Gerald Durrell in Carl Jones' ICCB plenary talk - and a skeleton of myself...

Looking back on ICCB – four days turned upside down

ICCB was fascinating, even for a dodo not writing a Ph.D. in conservation biology right now, so many dedicated conservationists, yet so few discussions on what might actually matter…

Conservation works, well, sometimes. My dodo’s ICCB reflection actually starts at its very end, with Carl Jones of the Durrell Wildlife Foundation showing a picture of a skeleton of myself with his foundation founder, Gerald Durrell standing next to it, seemingly deeply in thoughts about how my fate could be prevented for other species to join in. Carl Jones showed that obviously the foundation does a reasonably good job on this on my former island Mauritius, saving the Mauritius kestrel, the pink pidgeon, and the echo parakeet and many more, but also making clear that even with having some reasonable numbers, these species will need human support and care for — decades. Their habitat is so badly altered that they will not make it without additional food, shelter from invasives and other supportive activities, which may even include introducing supplements for those species that are gone forever, e.g. the according giant tortoises… I somehow expected that Carl Jones might even talk about a supplement for myself, but he didn’t. Maybe the story of the calvaria tree is already too much overstretched. [and by the way, hey: can you imagine ANYTHING that comes close to a dodo?! Of course not…. ;-)].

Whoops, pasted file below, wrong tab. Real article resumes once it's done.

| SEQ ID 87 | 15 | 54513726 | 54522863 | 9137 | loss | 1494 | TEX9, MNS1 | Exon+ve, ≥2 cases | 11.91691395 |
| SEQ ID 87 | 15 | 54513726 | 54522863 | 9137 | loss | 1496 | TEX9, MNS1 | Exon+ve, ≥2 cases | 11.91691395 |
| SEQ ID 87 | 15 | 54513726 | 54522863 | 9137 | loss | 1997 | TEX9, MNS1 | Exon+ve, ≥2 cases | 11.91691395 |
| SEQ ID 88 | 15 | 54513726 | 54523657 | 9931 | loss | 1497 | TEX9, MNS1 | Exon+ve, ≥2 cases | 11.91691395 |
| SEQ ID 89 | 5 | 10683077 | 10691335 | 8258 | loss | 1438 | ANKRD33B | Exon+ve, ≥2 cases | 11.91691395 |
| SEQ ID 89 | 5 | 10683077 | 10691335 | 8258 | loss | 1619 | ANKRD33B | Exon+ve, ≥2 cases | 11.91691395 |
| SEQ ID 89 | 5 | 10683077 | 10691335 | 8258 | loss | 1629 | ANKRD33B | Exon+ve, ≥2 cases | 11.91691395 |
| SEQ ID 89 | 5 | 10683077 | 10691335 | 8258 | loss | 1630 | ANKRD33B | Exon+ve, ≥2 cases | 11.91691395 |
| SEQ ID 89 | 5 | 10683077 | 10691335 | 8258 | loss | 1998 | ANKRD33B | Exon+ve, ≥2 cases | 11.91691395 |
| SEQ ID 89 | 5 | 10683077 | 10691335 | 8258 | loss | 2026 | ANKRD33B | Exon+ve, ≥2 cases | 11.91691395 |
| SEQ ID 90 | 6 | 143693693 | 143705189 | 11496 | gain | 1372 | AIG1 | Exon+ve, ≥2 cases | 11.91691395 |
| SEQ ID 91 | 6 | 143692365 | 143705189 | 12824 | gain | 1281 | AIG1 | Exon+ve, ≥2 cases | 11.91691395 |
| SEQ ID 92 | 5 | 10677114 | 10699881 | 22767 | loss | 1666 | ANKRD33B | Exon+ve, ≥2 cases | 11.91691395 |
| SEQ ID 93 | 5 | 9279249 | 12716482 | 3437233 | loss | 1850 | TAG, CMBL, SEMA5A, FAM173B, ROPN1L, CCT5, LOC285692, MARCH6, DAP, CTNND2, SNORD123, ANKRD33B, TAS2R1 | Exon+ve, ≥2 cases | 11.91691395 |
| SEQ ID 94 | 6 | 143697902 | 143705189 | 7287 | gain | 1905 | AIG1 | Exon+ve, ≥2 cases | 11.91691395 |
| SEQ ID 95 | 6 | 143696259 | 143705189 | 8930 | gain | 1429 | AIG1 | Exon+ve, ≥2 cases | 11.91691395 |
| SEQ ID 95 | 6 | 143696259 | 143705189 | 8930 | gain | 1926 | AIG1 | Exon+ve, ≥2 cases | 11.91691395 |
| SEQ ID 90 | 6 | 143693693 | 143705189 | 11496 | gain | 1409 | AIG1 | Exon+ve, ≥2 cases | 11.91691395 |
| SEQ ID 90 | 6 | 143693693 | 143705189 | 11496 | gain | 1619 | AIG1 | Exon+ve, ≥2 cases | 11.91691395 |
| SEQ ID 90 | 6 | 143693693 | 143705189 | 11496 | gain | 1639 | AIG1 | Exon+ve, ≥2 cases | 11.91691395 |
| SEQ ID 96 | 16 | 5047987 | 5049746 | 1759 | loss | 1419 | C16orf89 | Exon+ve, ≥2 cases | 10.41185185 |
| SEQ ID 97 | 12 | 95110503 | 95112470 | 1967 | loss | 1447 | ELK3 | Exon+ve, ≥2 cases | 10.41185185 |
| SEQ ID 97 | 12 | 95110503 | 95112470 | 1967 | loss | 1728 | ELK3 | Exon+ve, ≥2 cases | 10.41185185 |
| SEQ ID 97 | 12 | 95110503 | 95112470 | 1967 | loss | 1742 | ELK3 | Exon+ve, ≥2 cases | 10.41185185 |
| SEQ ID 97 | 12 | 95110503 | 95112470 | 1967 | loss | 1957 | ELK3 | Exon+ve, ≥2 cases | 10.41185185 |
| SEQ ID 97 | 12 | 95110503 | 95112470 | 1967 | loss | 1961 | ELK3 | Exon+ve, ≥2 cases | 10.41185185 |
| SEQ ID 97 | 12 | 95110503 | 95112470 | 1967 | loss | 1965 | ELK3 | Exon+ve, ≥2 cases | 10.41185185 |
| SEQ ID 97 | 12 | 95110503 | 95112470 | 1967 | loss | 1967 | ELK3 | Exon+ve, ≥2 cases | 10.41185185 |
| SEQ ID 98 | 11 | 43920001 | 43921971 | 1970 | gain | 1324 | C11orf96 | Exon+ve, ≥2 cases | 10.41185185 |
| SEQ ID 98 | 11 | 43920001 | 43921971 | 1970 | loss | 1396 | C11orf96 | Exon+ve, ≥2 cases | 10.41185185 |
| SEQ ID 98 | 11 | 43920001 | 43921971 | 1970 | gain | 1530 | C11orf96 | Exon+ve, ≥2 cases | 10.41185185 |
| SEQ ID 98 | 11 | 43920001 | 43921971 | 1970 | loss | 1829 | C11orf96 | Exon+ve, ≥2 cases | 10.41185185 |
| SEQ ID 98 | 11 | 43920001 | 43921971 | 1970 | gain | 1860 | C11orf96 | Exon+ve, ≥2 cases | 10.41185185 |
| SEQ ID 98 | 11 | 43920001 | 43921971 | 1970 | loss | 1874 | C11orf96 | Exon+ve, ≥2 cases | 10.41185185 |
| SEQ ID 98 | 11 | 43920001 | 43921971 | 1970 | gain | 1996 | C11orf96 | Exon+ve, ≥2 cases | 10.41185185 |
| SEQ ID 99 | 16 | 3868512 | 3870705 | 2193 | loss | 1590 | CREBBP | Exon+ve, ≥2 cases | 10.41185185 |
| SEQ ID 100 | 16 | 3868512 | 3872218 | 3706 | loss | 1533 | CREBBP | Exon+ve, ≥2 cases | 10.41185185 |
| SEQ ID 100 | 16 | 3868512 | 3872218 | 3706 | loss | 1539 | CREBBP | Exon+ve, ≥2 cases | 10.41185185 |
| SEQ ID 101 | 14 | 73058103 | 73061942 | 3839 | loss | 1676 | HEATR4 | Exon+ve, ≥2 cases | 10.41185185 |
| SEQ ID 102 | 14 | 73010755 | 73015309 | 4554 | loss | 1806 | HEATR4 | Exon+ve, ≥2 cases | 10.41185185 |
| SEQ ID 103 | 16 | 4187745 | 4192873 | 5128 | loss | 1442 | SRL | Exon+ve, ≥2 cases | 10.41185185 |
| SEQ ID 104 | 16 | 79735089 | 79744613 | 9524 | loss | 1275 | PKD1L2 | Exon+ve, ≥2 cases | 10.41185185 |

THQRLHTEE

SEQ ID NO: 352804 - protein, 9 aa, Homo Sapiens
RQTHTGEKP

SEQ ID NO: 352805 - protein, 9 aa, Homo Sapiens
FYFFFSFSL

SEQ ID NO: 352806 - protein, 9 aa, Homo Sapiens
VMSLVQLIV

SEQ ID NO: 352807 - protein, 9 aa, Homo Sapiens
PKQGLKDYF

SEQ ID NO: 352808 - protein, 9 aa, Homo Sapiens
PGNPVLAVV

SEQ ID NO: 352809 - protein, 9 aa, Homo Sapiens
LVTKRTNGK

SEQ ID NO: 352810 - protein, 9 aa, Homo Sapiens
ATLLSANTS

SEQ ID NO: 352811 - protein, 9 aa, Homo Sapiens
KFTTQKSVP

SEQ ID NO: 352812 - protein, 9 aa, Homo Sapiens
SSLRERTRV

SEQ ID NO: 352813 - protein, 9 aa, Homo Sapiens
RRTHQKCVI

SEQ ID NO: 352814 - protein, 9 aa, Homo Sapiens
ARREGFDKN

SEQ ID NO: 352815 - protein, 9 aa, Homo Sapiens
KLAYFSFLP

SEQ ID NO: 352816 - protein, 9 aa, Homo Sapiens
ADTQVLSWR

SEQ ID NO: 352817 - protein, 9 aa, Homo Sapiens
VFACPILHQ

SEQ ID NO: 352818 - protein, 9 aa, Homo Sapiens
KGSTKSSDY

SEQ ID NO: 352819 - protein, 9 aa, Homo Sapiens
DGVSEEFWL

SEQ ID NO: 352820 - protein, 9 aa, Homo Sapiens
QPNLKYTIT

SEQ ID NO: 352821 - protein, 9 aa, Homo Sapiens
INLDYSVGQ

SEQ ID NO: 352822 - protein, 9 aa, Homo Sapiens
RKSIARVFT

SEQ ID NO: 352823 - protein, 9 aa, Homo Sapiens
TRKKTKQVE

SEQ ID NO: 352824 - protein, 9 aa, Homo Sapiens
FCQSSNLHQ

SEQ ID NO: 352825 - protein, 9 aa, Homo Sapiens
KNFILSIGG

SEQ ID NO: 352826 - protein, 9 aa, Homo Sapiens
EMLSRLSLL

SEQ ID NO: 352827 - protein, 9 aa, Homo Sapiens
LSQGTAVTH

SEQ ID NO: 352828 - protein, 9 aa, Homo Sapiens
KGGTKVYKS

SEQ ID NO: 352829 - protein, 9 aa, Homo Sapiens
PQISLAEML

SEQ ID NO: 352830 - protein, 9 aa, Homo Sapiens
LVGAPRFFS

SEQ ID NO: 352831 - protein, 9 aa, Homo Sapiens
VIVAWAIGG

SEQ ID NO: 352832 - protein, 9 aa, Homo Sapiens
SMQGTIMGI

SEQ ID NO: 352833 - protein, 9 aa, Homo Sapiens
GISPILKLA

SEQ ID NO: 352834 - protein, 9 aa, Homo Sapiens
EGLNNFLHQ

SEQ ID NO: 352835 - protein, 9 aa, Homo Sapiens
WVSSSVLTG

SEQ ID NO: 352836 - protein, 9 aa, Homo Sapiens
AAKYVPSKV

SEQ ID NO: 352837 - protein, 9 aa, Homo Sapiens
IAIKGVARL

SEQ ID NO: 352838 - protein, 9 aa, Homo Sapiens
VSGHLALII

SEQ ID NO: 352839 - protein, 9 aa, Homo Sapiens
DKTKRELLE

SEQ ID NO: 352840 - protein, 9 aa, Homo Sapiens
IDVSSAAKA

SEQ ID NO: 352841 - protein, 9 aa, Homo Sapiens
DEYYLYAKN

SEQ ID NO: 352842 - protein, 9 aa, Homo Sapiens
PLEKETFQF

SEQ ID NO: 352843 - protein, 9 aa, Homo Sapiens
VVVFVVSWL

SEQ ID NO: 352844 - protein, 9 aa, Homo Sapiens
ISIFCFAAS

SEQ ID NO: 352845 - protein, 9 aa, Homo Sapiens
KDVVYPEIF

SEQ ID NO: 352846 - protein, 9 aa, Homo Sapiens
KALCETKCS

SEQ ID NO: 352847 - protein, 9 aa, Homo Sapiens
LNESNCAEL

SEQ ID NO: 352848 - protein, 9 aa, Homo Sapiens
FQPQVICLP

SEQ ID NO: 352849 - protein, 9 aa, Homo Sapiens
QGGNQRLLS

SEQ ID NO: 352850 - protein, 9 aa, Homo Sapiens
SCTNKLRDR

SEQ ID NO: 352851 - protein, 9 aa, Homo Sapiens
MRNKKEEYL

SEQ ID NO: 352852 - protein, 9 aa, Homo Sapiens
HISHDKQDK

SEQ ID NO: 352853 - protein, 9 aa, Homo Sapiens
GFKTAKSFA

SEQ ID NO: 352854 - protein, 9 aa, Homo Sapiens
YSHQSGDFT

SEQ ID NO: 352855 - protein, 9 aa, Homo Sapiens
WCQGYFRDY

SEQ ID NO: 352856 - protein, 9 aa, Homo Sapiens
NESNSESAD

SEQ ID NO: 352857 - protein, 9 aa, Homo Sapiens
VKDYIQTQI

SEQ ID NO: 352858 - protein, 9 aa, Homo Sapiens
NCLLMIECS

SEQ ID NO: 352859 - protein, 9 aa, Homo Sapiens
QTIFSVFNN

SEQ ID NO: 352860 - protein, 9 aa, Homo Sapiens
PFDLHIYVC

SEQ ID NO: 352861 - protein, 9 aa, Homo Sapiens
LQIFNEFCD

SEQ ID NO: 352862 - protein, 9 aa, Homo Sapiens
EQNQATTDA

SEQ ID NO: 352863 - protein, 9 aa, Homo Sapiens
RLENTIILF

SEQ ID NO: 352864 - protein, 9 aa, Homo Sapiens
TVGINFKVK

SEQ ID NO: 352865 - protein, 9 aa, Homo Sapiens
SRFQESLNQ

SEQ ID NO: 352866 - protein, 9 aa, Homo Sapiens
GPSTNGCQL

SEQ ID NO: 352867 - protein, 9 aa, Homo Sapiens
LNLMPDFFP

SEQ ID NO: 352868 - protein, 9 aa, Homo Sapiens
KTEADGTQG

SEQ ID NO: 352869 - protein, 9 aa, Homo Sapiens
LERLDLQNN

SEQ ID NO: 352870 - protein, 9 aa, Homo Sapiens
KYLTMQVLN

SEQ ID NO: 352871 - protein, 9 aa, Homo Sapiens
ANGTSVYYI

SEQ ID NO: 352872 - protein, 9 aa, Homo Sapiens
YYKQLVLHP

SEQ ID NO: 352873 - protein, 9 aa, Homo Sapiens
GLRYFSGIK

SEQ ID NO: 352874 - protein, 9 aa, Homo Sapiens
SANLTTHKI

In the end, this talk was the classic “dedication saves species”, sometimes with a huge amount of good scientific knowledge as a basis, sometimes just with action, educated guesses and good luck, and of course with being rooted well in the local human environment. The conservation classic.